President of Nicaragua, Daniel Ortega, As all of his fiercest rivals have been detained, ensuring he will be selected for a four-year term for the fourth time in a row. “A farce”, “a sham”: Washington and the European Union do not have strong enough words to condemn this election, which denies all legitimacy. Journalists for several international media outlets, including CNN and The Washington Post, Was denied access to the territory, and the government denied having independent visitors.
A week before the poll, Facebook’s parent company, Meta, announced it had removed 1,000 managed Facebook and Instagram accounts. A “troll factory”To handle the public opinion of the Nicaraguan government.
The beheaded opposition
Its leaders beheaded, detained, or deported I am in opposition He organized a demonstration of about a thousand people in San Jose, the capital of Costa Rica, where 100,000 Nicaraguans who had fled the persecution took refuge. Protesters have only one slogan for voters: “Stay home”.
All five candidates registered to face the head of state are seen by the opposition as mercenaries who have compromised with power. 76-year-old Daniel Ortega and his wife Rosario Murillo, 70, can provide an idea of Nicaraguan’s true observance with a “ticket” created by Rosario Murillo, who has been vice president since 2017. With minimal participation, the Sandinista National Liberation Front (FSLN, formerly guerrillas in power) organized door-to-door tours to mobilize voters.
Hunting for enemies
Six months before the election, three years after the repression that killed more than 300 protesters among protesters demanding the resignation of Daniel Ortega in the spring of 2018, the hunt for the enemy is raging: 39 politicians, businessmen, farmers, students and journalists have been arrested since June. Of those, seven potential candidates could pose a threat to the current president.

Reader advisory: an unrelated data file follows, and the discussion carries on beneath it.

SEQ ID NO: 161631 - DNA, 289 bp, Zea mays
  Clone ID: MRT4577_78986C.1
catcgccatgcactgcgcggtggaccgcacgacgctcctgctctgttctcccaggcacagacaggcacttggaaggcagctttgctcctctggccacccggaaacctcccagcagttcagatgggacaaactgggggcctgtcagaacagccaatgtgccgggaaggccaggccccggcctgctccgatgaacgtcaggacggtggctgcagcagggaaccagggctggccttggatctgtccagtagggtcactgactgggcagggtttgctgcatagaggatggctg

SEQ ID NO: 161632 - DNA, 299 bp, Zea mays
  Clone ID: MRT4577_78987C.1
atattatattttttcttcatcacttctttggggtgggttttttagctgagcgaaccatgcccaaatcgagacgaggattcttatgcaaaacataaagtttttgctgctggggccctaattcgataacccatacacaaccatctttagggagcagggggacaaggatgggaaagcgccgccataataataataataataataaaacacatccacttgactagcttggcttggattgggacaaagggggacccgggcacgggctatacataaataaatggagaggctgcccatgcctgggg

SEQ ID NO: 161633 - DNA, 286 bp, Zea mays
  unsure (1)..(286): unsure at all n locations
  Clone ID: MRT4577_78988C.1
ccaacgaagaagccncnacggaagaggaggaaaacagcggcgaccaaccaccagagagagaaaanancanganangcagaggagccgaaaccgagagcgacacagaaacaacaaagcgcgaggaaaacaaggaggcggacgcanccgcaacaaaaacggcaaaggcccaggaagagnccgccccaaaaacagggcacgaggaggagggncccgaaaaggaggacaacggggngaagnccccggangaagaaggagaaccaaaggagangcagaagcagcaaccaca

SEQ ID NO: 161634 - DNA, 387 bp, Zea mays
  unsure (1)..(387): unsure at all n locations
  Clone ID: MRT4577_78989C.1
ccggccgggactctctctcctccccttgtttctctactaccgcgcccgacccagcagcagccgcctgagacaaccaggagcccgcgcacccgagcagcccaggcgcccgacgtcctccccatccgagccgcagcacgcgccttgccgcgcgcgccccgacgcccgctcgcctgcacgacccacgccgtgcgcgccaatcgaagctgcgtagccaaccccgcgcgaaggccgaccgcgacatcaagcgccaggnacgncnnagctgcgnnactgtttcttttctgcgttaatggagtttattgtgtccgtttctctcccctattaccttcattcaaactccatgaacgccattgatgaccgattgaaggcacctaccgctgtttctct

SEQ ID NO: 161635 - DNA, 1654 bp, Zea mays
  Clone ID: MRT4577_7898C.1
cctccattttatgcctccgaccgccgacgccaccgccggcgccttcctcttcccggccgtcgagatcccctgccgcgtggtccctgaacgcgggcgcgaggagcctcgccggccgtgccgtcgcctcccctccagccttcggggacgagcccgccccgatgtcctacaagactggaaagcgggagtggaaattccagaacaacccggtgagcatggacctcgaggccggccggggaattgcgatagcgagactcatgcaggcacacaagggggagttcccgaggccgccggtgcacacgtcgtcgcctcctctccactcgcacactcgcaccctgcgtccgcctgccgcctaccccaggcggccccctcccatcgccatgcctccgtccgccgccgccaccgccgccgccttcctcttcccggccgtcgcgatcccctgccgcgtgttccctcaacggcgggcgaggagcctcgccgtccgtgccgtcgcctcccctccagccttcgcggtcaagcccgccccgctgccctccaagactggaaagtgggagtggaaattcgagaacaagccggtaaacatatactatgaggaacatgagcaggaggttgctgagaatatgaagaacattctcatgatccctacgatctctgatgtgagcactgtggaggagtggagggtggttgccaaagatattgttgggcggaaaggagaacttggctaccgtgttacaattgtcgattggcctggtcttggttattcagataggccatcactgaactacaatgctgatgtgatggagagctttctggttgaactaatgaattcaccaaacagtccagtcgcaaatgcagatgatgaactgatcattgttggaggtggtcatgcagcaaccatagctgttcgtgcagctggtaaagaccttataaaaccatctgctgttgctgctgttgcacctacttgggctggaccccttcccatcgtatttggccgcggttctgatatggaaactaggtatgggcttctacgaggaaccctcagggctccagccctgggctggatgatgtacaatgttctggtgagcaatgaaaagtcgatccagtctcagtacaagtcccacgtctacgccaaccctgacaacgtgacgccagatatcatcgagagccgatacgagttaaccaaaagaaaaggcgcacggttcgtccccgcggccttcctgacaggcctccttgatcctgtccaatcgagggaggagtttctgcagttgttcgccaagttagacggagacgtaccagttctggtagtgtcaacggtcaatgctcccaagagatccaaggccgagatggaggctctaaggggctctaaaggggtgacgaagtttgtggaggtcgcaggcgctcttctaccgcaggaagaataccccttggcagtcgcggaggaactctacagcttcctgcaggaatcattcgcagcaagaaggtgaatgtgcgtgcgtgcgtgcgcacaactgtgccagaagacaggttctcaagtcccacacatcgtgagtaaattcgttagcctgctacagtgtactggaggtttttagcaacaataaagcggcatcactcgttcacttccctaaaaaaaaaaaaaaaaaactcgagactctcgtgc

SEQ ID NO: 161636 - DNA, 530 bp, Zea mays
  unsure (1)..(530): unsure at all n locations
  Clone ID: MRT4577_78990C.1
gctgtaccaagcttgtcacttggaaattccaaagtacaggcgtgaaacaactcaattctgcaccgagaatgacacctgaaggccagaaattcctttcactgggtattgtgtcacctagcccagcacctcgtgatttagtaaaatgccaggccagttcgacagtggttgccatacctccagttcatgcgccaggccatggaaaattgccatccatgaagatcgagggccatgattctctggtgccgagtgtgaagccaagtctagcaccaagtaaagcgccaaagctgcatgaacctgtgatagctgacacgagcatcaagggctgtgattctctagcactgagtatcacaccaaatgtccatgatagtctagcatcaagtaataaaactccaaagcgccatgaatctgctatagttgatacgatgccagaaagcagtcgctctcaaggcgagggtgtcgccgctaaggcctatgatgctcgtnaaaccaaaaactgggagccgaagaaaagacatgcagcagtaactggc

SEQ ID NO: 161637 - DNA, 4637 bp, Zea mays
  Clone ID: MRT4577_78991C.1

Opposition parties have stated they will not run in the by-elections. Protesters have been accused of undermining national sovereignty, supporting international sanctions against Nicaragua, “treason of the motherland” or “money laundering” under laws passed by parliament at the end of 2020, both in the executive and the judiciary and in elections. Tribunal.
Sanctions adopted by the United States and the European Union
Since the spring protests of 2018, more than 100,000 Nicaraguans have been deported, while 150 protesters are still behind bars. Nicaragua researcher Elvira Quadra said deportation could affect the country’s isolation, international investment and funding, social repercussions and growing immigration.
In addition to the new sanctions adopted by the United States and the European Union, relations with even historically friendly countries such as Mexico and Argentina have soured. Cuba, Venezuela and Russia are supporters of the government of Daniel Ortega and Rosario Murillo.
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